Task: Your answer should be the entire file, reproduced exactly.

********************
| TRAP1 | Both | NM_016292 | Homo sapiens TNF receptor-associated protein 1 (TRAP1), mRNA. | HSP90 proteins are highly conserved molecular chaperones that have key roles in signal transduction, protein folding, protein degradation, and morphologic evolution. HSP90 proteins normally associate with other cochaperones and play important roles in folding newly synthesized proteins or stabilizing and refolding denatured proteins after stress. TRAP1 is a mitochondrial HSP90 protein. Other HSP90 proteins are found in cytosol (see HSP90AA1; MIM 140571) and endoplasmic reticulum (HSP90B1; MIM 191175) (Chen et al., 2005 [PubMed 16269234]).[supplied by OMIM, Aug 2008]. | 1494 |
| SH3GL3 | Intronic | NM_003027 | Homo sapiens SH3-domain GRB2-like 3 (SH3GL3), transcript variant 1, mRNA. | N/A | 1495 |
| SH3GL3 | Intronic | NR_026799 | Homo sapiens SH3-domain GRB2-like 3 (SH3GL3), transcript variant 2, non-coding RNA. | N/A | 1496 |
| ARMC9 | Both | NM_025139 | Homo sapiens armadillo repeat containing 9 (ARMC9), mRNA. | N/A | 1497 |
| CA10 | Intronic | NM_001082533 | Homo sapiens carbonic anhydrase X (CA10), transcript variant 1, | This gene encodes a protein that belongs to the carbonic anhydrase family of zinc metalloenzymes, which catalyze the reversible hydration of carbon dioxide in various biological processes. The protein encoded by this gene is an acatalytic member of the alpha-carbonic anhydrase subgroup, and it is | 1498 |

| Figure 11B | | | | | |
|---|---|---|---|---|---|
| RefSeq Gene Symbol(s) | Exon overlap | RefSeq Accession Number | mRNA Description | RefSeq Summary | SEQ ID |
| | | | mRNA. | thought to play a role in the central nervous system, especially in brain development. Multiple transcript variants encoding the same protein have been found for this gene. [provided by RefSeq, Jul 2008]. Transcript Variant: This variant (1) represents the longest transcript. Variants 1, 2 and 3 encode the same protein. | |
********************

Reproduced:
| TRAP1 | Both | NM_016292 | Homo sapiens TNF receptor-associated protein 1 (TRAP1), mRNA. | HSP90 proteins are highly conserved molecular chaperones that have key roles in signal transduction, protein folding, protein degradation, and morphologic evolution. HSP90 proteins normally associate with other cochaperones and play important roles in folding newly synthesized proteins or stabilizing and refolding denatured proteins after stress. TRAP1 is a mitochondrial HSP90 protein. Other HSP90 proteins are found in cytosol (see HSP90AA1; MIM 140571) and endoplasmic reticulum (HSP90B1; MIM 191175) (Chen et al., 2005 [PubMed 16269234]).[supplied by OMIM, Aug 2008]. | 1494 |
| SH3GL3 | Intronic | NM_003027 | Homo sapiens SH3-domain GRB2-like 3 (SH3GL3), transcript variant 1, mRNA. | N/A | 1495 |
| SH3GL3 | Intronic | NR_026799 | Homo sapiens SH3-domain GRB2-like 3 (SH3GL3), transcript variant 2, non-coding RNA. | N/A | 1496 |
| ARMC9 | Both | NM_025139 | Homo sapiens armadillo repeat containing 9 (ARMC9), mRNA. | N/A | 1497 |
| CA10 | Intronic | NM_001082533 | Homo sapiens carbonic anhydrase X (CA10), transcript variant 1, | This gene encodes a protein that belongs to the carbonic anhydrase family of zinc metalloenzymes, which catalyze the reversible hydration of carbon dioxide in various biological processes. The protein encoded by this gene is an acatalytic member of the alpha-carbonic anhydrase subgroup, and it is | 1498 |

| Figure 11B | | | | | |
|---|---|---|---|---|---|
| RefSeq Gene Symbol(s) | Exon overlap | RefSeq Accession Number | mRNA Description | RefSeq Summary | SEQ ID |
| | | | mRNA. | thought to play a role in the central nervous system, especially in brain development. Multiple transcript variants encoding the same protein have been found for this gene. [provided by RefSeq, Jul 2008]. Transcript Variant: This variant (1) represents the longest transcript. Variants 1, 2 and 3 encode the same protein. | |